Tag Archives: Defense Mechanisms

Three Unconscious Psychological Defenses Against Inner Feelings Of Shame

According to psychodynamic theory, if, as babies, we are subjected to significant emotional abuse by the primary caregiver (usually the mother) such as constantly being subjected to her extreme anger, rage and hostility, we are at risk of developing a profound and pervasive sense of inner shame – the unshakeable inner conviction that we are bad beyond redemption and worthless to humanity.

This can have extremely long-lasting, even lifelong (in the absence of effective therapy) effects, including great difficulty developing meaningful and satisfying relationships with others  and the unconscious adaptation of three main psychological defense mechanisms, according to the psychodynamic psychoanalyst, Burgo PhD.

inner shame

Burgo identifies these three psychological defense mechanisms against the almost unbearable emotional pain our feelings of inner shame cause us as follows :

1) NARCISSISM

2) BLAMING OTHERS

3) TREATING OTHERS WITH CONTEMPT

1) Narcissism : Narcissists feel a desperate need to be admired by others and to feel superior to them. They may try to achieve this through their appearance (expensive clothes, jewelry, cosmetic ‘enhancements’ etc), occupational/professional success, social popularity and various other means, ‘Above all, they need to be the centre of attention (even notoriety is better than being ignored in their eyes). Their interest in others tends to be superficial at best (unless it involves exposing said others’ weaknesses and ‘inferiority, of course).

All these devices are a largely unconscious (usually) way of trying to keep hidden, concealed and buried a (from themselves and others) their profound inner sense of shame and unworthiness.

2) Blaming others : Because those afflicted by deep, internal feelings of shame cannot bear to be reminded of their own imperfections or to have them exposed, they deflect any blame that it might be their responsibility to accept onto others.

3) Treating others with contempt : This psychological defense works in a similar way to the psychological defense of blaming others (see above). Viewing and/or treating others in a contemptuous manner is very frequently a projection of one’s sense of one’s own inferiority onto others.

RESOURCES :

 

David Hosier BSc Hons; MSc; PGDE(FAHE).

Shame Caused By Childhood Trauma And How We Try To Repress It.

Effects Of Repressed Shame :

We have seen in other articles published on this site that if we have experienced significant childhood trauma we may, as adults, develop profound feelings of inadequacy, worthlessness, self-hatred, rock-bottom self-esteem, feelings of being ‘innately bad’ and irrational self-blame for what we experienced. This pernicious brew of feelings about the self can devastate every area of our lives and cause us to live with a deep, abiding sense of shame.

Because feelings of such shame are so psychologically painful to live with, some individuals may develop certain psychological defense mechanisms (the cause of which is generally unconscious) in order to banish them from conscious awareness into the dark recesses of the unconscious where they simmer and fester.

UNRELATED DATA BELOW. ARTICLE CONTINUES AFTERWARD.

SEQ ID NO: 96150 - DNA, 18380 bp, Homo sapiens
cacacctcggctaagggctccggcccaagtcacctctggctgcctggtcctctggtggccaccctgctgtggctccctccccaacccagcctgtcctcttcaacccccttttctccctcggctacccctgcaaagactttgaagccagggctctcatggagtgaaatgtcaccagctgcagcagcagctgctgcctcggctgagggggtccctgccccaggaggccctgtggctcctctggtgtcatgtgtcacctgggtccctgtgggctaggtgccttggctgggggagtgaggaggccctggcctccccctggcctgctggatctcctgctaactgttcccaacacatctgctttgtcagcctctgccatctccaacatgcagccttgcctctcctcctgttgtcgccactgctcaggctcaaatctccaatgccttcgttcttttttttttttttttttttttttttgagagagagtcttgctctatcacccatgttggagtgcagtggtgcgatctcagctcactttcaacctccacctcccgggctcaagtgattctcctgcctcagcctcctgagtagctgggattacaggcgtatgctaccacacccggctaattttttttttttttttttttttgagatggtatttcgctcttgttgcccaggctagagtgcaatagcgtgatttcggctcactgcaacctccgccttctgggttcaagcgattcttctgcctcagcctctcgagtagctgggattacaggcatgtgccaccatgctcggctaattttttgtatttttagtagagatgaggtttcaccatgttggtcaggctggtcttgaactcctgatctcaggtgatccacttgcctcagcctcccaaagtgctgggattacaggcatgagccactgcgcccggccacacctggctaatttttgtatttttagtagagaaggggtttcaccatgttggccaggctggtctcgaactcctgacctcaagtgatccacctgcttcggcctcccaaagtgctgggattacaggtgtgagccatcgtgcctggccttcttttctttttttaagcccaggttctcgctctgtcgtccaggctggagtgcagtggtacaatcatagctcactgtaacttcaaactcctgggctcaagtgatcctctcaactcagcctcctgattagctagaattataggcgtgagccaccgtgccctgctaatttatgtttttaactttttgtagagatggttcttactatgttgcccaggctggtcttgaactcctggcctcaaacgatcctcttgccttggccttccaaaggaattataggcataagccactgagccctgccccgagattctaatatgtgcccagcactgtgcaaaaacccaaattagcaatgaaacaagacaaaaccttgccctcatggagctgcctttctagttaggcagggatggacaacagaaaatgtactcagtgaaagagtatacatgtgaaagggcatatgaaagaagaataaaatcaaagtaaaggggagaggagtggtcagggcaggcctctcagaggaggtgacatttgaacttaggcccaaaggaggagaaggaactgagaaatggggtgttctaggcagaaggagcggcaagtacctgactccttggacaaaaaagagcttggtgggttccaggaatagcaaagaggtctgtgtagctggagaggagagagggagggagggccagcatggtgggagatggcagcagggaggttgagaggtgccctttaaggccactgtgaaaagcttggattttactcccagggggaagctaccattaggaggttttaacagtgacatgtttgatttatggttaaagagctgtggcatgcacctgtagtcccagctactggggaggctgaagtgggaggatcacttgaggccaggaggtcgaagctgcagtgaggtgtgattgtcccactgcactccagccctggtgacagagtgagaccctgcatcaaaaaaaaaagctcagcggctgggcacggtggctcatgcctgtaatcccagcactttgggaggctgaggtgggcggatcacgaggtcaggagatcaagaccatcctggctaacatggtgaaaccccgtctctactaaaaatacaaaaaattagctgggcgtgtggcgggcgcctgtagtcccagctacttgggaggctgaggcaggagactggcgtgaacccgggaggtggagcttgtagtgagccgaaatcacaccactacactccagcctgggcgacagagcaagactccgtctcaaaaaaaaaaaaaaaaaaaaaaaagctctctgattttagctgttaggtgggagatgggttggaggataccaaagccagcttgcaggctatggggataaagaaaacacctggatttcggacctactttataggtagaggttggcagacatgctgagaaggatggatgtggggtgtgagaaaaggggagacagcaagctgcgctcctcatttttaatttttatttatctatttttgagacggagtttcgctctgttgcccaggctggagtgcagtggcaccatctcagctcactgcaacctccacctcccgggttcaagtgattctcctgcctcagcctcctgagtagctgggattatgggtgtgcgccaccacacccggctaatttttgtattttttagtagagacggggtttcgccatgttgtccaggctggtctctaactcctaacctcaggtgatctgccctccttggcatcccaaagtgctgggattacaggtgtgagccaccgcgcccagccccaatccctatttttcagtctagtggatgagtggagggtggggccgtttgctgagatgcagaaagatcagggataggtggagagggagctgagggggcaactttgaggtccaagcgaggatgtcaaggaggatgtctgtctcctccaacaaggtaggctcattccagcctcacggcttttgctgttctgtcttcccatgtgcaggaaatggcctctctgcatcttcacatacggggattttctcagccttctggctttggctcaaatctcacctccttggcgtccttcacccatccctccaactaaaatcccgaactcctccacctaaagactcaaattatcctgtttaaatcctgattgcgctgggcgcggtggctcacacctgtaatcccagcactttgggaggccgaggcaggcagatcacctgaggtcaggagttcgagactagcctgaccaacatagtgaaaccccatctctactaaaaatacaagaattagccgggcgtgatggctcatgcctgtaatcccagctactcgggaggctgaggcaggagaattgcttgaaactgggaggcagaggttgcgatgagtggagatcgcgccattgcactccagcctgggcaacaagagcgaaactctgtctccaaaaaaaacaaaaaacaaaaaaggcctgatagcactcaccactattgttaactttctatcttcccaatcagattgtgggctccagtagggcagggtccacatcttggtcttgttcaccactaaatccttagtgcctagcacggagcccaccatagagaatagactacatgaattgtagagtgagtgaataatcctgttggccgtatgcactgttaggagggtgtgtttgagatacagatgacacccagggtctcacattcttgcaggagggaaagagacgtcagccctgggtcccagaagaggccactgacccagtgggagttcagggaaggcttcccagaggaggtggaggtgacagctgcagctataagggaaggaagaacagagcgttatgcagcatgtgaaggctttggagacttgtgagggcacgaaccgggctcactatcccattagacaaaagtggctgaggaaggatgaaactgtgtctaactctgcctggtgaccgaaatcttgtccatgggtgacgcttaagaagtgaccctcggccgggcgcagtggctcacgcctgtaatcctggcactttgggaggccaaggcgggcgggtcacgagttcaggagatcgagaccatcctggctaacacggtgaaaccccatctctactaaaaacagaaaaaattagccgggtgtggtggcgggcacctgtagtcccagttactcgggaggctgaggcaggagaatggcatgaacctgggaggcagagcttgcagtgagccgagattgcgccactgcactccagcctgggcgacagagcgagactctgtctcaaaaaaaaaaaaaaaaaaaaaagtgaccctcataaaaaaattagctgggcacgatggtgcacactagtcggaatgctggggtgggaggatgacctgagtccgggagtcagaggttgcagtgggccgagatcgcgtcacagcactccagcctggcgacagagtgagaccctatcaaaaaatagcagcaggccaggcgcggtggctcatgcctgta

According to the psychoanalyst, Joseph Burgo, PhD., the three main types of defense mechanisms we may unconsciously be driven to employ in a desperate attempt to avoid feeling this shame are as follows:

narcissism

– blame

– contempt

Let’s look at each of these defense mechanisms in turn.

NARCISSISM:

Narcissists have a relentless and desperate need to prove to both themselves and others that they are superior. They crave admiration from others and aspire to make themselves the object of great envy.

They feel that they must perpetually be the centre of attention and may be driven to achieve, or attempt to achieve, high social status (including ‘social climbing’), earning a high salary, and seeking positions of power.

Or they may always try to appear cleverer, wittier or more interesting than those around them (although these attempts, especially if perceived as desperate, generally serve only to annoy, irritate and alienate others, as opposed to enthralling them).

narcissistic defense

They tend, too, to treat others as if they are beneath them. However, their view of themselves as superior beings is often strongly out of kilter with reality – in other words, they may suffer something approaching delusions of grandeur. Indeed, they may provoke comments from others such as the following (overused) one: Who does she think she is? The Queen of Sheeba?’ Or others may regard them as a prima donna.

To reiterate, this constant need to view themselves as superior is a desperate attempt to avoid coming face-to-face with who they (deep down) believe they really are, as fully experiencing such a deep sense of worthlessness and shame is psychologically intolerable to them.

BLAME:

Because acceptance of failure would cause the individual who feels worthless and inadequate in the core of his/her being, and who needs to keep these feelings repressed, s/he cannot tolerate criticism and will shift the blame onto others when things go wrong. Such individuals may also be perfectionists.

CONTEMPT:

Another defense mechanism an individual may utilize in an attempt to keep feelings of shame buried in the unconscious is to ‘look down’ on others and to see them as inferior beings to be mocked or pitied. Such individuals may relish the humiliation of others and delight in their failures. The more s/he can view others as beneath him/her, the more effectively s/he can keep his/her own profound feelings of inferiority and shame at bay.

The Role Of Therapy:

Psychoanalysis can help the individual realize that his/her core feelings of inadequacy and shame, hitherto largely unconscious, were caused by his/her childhood trauma that the trauma was not his/her fault and by absolutely no means means s/he is inferior, worthless, or, in any way whatsoever, needs to feel ashamed. Under the supervision of a skilled therapist, this can cause the individual’s dysfunctional defense mechanisms to start to melt away so that s/he may start to live an altogether more authentic life.